In this respect, the fact that the previous Director General of the DGOJ left only a few days after the announcement is definitely not good news, since it once again infects the market with the virus of doubt in relation to what the future appointment of a replacement might hold in store for us.

It seems logical –and so it is assumed by us– to think that the DGOJ’s announcement could have not been adopted without knowing the opinion of its hierarchical superiors: the Secretary of State for Finance and, most probably, the Minister of Finance and Public Administrations, which is why logic leads us to believe that the change of Director General should not affect what had been announced.

And yet, will the change of Director General affect the date of approval for the new regulation meant to govern both exchange betting and online slots? In principle, the change does not seem to have contributed to the speed with which the authorities should deal with this regulation, which is bound to arrive with a delay of nearly two years in the best of cases.

Of course, the DGOJ does not find itself in a period of regulatory effervescence like the one which was experienced during the months following the approval of the LRJ. In fact, no regulatory proposal whatsoever has been published yet by the DGOJ at the moment of writing these lines, which most probably has to be interpreted within the context of the appointment of the future Director General and –in our opinion– not so much under other circumstances, since the text of the proposal should be almost for sure sufficiently advanced already when it was publicly announced that the regulation process was going to begin.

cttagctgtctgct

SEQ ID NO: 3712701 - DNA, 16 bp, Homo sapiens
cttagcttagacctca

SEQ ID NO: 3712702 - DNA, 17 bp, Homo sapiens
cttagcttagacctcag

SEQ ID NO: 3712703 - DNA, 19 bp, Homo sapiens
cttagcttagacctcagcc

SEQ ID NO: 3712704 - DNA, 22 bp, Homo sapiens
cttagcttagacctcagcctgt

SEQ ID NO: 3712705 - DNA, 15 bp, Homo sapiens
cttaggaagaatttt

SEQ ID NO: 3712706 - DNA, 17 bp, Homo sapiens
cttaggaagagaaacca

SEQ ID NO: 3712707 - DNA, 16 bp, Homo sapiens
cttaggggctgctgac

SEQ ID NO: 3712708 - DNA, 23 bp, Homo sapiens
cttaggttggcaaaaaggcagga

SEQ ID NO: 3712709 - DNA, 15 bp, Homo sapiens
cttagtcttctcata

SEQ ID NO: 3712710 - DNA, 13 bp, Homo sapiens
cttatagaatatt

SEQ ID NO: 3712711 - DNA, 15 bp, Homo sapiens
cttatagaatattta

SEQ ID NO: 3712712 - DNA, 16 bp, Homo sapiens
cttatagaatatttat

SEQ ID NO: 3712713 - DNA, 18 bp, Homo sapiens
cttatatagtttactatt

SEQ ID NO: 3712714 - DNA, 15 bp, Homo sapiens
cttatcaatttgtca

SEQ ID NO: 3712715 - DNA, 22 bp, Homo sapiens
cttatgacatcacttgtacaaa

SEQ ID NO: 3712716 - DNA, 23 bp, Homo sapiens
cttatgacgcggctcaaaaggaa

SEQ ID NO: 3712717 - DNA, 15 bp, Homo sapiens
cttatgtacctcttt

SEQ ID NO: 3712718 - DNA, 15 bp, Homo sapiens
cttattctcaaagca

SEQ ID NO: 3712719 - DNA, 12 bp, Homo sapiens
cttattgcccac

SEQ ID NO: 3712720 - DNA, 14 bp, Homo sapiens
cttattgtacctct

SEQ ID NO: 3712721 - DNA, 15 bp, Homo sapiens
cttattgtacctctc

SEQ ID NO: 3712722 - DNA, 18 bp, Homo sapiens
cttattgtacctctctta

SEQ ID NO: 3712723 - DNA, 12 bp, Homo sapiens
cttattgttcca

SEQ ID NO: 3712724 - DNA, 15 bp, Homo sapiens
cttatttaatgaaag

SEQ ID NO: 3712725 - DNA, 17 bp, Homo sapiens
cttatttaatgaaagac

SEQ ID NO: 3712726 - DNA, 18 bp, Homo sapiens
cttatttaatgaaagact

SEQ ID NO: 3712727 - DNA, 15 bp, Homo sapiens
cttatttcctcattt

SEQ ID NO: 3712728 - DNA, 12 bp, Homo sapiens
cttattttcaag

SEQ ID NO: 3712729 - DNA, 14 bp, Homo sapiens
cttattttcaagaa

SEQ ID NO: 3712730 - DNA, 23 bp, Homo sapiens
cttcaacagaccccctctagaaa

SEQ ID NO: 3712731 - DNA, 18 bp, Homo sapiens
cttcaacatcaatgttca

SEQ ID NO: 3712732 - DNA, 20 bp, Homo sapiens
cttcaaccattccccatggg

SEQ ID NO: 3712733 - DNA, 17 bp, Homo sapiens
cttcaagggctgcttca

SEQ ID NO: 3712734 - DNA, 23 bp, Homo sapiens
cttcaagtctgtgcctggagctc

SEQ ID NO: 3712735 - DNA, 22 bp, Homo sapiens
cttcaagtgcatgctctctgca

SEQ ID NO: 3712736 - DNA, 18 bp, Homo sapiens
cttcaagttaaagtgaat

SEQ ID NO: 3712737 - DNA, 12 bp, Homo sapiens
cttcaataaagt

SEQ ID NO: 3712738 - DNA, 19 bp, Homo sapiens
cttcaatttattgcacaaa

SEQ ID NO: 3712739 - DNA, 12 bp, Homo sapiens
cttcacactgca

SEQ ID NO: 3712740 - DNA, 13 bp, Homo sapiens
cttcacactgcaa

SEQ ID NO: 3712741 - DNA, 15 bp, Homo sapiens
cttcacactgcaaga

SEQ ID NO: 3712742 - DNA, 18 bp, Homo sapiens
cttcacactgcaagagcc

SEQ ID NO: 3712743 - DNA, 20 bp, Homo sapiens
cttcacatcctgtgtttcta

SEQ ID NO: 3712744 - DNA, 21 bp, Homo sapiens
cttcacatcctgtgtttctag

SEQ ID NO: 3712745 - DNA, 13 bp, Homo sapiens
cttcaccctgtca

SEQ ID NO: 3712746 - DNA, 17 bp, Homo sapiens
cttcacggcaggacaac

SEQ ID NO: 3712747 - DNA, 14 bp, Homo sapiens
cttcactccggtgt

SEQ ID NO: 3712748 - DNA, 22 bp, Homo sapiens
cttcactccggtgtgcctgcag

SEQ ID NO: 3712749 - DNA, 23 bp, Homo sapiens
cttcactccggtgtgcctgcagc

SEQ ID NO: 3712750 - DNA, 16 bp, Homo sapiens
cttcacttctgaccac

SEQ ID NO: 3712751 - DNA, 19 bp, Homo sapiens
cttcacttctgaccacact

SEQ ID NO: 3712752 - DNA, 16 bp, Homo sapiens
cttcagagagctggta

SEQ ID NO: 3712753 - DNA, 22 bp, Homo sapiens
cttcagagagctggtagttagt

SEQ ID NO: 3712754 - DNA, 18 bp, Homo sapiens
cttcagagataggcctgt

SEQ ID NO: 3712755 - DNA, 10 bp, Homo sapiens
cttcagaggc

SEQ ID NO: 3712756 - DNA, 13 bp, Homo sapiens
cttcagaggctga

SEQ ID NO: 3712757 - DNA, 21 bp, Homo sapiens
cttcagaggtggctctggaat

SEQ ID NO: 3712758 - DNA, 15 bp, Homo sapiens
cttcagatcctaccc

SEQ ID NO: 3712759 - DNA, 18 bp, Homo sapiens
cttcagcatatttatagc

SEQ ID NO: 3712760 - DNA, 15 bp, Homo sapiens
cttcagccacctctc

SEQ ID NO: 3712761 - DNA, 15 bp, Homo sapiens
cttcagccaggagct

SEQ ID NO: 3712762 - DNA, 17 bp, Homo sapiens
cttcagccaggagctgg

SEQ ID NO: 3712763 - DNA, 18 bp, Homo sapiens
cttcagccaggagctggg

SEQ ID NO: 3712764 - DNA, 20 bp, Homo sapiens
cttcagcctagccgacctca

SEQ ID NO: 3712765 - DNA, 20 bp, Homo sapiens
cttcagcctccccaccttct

In any case, what we have before us is not only the first process of introduction for new games within the framework of Spanish online gaming regulation but also the first chance to check if the new regulation deepens into what seems to be the right course to follow: the elimination of obstacles for the development of the today still incipient online gaming market in Spain.